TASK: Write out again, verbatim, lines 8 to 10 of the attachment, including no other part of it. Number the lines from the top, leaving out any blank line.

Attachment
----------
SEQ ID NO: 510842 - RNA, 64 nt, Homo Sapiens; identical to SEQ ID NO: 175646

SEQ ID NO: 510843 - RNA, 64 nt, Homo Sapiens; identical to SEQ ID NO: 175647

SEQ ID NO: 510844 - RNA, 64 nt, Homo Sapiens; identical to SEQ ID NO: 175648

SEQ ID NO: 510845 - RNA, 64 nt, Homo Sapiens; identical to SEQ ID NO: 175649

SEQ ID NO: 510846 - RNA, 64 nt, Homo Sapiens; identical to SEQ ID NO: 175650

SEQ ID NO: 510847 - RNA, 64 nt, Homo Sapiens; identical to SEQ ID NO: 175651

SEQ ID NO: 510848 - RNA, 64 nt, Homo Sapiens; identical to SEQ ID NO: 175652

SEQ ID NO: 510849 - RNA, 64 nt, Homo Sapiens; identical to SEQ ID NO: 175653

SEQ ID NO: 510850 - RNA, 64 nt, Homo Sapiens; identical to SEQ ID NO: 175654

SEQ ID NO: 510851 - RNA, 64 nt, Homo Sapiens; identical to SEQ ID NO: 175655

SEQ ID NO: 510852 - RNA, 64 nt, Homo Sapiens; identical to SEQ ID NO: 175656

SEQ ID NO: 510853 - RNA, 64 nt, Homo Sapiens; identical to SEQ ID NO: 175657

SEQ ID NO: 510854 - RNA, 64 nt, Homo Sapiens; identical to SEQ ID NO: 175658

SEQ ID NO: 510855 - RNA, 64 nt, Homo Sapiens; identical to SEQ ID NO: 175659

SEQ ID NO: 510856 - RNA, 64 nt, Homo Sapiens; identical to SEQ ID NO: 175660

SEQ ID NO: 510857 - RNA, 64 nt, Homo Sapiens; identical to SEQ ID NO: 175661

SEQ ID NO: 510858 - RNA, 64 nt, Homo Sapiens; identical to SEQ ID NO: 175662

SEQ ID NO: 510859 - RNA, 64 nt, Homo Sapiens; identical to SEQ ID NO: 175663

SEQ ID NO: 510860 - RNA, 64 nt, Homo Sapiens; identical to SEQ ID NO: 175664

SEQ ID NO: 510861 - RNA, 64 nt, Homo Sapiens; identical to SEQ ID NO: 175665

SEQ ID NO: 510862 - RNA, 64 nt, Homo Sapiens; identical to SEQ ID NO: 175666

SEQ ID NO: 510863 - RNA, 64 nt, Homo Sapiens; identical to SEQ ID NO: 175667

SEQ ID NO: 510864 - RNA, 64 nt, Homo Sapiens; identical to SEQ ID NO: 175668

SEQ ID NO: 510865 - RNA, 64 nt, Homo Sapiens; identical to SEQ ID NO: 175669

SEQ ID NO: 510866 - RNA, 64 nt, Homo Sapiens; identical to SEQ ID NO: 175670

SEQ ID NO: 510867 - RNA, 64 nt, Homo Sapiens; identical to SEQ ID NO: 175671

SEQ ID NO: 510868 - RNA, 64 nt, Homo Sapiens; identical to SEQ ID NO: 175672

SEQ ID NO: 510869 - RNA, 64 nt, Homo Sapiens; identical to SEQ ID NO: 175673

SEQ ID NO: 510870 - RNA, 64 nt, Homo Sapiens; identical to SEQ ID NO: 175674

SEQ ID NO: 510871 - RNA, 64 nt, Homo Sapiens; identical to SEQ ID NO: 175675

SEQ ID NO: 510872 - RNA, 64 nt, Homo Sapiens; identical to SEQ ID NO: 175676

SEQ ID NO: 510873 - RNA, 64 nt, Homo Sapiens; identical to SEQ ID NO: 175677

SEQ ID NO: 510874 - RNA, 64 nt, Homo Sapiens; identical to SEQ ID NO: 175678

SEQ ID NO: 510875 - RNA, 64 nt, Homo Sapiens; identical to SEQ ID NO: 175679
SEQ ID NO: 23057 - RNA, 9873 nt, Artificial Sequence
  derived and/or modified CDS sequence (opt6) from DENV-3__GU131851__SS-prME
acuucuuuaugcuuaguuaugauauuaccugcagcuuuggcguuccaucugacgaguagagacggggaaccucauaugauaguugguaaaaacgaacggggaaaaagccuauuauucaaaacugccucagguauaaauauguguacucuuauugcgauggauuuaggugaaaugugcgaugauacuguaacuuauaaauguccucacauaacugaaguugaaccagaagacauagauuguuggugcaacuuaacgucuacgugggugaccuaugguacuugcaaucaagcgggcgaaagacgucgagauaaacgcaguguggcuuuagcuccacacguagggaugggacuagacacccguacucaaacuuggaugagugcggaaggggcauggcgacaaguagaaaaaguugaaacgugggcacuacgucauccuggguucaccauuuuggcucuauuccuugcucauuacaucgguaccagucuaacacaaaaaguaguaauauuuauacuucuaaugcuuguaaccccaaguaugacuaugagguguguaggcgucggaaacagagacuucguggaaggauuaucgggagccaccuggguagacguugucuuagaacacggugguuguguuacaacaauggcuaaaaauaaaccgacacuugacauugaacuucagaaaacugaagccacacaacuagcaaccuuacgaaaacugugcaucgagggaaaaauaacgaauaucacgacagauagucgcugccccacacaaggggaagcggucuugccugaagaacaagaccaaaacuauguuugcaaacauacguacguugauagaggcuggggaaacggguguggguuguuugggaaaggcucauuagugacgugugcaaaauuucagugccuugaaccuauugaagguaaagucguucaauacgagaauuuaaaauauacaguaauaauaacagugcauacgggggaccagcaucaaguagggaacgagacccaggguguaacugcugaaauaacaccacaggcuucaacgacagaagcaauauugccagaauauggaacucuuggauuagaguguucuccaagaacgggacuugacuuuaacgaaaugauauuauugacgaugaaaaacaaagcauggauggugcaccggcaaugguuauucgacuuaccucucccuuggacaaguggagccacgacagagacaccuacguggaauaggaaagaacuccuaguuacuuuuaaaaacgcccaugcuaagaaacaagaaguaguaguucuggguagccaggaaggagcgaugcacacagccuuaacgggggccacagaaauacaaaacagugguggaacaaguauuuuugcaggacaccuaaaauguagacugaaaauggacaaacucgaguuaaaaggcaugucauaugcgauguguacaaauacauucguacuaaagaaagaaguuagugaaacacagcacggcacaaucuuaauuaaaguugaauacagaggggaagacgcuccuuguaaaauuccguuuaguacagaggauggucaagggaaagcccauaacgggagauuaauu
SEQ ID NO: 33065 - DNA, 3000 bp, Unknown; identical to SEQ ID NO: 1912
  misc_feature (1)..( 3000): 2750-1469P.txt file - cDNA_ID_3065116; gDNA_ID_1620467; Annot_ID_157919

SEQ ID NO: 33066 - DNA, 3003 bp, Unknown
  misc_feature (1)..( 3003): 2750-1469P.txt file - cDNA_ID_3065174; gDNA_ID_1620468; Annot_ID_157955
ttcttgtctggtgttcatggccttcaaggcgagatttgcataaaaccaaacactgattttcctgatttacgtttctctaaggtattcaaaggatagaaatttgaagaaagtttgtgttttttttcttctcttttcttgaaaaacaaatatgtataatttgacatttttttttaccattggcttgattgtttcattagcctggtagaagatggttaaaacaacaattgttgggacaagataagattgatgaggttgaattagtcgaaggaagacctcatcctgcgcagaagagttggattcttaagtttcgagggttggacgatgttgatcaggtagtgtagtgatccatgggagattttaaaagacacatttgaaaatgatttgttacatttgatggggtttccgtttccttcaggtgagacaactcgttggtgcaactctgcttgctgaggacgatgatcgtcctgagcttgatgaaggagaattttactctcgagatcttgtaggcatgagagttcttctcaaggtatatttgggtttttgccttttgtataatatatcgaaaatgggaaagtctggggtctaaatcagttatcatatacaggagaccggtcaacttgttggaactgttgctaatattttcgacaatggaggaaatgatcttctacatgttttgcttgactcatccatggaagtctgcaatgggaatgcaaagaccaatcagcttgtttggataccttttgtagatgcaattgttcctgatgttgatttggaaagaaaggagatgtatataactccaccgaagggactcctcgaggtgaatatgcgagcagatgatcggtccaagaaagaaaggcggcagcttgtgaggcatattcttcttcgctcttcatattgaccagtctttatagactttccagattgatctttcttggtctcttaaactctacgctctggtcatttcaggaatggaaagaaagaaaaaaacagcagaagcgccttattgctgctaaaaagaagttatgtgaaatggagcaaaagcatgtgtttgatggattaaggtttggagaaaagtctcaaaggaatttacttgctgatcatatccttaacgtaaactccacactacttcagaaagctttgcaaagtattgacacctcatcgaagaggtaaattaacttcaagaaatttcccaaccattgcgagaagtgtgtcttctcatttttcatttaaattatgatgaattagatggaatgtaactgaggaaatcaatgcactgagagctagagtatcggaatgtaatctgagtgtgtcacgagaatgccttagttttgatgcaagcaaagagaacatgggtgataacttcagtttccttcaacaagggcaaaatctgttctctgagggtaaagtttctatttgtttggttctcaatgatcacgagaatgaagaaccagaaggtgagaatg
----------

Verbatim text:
SEQ ID NO: 510849 - RNA, 64 nt, Homo Sapiens; identical to SEQ ID NO: 175653

SEQ ID NO: 510850 - RNA, 64 nt, Homo Sapiens; identical to SEQ ID NO: 175654

SEQ ID NO: 510851 - RNA, 64 nt, Homo Sapiens; identical to SEQ ID NO: 175655